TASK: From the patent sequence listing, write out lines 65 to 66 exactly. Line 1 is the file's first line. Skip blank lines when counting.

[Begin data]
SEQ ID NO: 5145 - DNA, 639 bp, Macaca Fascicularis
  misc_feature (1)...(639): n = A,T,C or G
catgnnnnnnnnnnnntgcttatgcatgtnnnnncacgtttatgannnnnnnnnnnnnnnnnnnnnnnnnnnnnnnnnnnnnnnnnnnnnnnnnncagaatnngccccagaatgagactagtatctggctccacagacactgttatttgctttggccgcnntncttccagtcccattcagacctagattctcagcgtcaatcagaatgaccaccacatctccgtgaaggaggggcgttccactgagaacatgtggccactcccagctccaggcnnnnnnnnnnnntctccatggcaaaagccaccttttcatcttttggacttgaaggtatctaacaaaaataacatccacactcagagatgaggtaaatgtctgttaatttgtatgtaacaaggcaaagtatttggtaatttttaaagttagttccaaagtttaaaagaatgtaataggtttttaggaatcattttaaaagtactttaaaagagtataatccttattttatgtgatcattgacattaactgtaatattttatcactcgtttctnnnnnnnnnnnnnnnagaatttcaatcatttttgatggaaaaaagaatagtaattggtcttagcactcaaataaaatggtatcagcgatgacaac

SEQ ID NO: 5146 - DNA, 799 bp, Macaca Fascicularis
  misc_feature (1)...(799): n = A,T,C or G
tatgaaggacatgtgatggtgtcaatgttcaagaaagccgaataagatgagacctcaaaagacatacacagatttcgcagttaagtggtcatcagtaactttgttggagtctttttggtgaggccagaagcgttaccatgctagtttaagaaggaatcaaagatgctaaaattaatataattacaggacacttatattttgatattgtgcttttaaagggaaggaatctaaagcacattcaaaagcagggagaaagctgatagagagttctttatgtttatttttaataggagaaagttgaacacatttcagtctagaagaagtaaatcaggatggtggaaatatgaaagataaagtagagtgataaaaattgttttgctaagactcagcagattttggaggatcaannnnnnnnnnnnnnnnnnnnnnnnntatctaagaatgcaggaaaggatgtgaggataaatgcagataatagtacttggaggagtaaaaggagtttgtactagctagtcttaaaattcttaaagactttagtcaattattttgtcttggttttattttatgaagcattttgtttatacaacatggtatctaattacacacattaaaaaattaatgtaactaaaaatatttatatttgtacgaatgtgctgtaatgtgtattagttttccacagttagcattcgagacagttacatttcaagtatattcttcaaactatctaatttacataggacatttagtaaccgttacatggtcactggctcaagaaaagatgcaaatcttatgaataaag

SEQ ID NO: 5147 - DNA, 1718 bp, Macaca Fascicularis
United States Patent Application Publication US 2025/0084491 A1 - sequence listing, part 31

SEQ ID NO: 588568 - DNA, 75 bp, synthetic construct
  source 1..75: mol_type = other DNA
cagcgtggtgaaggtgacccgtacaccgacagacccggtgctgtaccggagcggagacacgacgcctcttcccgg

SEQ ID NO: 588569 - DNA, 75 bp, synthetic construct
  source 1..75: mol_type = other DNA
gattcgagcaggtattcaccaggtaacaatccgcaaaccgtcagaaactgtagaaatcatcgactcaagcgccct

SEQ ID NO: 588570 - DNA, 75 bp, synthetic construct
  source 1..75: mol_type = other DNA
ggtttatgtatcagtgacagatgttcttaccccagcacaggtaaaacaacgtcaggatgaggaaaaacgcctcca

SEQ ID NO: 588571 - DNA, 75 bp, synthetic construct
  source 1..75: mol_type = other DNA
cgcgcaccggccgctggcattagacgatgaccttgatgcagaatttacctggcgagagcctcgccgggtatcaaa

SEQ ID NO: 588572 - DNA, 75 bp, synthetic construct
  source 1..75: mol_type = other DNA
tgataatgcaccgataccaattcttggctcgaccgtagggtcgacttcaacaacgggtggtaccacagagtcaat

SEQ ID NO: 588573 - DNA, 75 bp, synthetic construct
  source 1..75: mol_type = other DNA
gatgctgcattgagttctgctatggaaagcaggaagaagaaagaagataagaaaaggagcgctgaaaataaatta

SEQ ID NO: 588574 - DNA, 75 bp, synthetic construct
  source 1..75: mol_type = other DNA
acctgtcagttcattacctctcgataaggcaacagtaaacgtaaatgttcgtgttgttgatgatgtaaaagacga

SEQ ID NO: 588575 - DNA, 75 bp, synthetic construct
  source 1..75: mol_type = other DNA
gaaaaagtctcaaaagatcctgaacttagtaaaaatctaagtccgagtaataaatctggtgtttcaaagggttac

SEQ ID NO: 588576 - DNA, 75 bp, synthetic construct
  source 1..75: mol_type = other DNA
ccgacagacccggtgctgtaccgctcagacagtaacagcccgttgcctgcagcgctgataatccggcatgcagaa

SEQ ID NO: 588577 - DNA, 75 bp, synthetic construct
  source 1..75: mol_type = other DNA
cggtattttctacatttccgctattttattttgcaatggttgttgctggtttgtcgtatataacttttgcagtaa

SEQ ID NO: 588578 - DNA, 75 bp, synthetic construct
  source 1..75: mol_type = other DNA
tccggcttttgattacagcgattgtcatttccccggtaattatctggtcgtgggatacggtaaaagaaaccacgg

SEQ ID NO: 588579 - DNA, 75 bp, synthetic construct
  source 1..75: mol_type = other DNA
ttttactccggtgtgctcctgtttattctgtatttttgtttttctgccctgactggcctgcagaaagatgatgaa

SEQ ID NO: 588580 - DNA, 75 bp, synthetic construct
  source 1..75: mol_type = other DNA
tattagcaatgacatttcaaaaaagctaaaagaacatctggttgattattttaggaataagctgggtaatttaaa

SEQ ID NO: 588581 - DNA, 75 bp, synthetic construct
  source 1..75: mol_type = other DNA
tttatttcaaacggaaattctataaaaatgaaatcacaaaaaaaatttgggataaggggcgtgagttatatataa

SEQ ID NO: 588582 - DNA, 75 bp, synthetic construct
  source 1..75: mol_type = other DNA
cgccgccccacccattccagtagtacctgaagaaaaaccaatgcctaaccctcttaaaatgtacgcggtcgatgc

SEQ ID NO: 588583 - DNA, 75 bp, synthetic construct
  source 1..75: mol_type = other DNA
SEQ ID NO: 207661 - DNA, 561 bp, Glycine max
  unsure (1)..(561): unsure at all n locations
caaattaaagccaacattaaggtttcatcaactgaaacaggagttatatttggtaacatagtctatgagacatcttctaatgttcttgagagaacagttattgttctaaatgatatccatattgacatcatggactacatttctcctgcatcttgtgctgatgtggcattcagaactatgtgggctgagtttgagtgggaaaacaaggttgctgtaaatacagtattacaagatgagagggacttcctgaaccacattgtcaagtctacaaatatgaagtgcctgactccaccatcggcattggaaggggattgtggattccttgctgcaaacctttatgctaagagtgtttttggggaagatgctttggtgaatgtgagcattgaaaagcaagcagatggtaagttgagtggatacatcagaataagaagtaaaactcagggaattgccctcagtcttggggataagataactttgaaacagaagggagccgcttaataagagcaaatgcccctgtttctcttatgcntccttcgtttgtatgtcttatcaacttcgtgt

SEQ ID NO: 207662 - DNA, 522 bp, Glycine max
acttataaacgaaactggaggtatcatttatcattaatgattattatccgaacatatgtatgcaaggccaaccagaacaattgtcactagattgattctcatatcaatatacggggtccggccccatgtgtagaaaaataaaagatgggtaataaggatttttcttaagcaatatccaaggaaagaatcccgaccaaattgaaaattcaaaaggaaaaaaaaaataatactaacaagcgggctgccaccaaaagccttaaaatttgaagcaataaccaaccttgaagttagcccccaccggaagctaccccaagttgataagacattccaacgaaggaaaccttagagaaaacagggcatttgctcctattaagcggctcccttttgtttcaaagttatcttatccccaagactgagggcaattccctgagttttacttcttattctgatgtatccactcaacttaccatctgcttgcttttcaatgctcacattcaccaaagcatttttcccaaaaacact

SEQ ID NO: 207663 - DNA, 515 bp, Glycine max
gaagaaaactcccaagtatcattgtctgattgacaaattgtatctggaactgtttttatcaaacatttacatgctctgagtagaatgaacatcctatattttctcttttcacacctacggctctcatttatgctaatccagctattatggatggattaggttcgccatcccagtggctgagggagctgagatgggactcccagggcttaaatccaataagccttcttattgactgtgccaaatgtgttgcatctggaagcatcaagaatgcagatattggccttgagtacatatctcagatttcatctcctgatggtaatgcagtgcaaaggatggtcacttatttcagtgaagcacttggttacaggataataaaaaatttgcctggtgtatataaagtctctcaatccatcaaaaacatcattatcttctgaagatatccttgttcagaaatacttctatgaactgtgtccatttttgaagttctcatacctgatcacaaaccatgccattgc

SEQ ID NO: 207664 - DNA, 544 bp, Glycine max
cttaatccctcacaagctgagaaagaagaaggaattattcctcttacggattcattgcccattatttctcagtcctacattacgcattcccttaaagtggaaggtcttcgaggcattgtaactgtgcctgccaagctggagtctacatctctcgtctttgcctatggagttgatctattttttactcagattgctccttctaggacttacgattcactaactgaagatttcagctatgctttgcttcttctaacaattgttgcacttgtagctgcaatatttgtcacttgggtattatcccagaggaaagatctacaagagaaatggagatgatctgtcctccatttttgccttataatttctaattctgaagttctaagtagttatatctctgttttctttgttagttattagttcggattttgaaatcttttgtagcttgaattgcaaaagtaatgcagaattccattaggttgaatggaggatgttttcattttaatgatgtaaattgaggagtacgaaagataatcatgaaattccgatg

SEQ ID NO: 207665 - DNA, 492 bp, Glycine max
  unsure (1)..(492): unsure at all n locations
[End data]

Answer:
SEQ ID NO: 207665 - DNA, 492 bp, Glycine max
  unsure (1)..(492): unsure at all n locations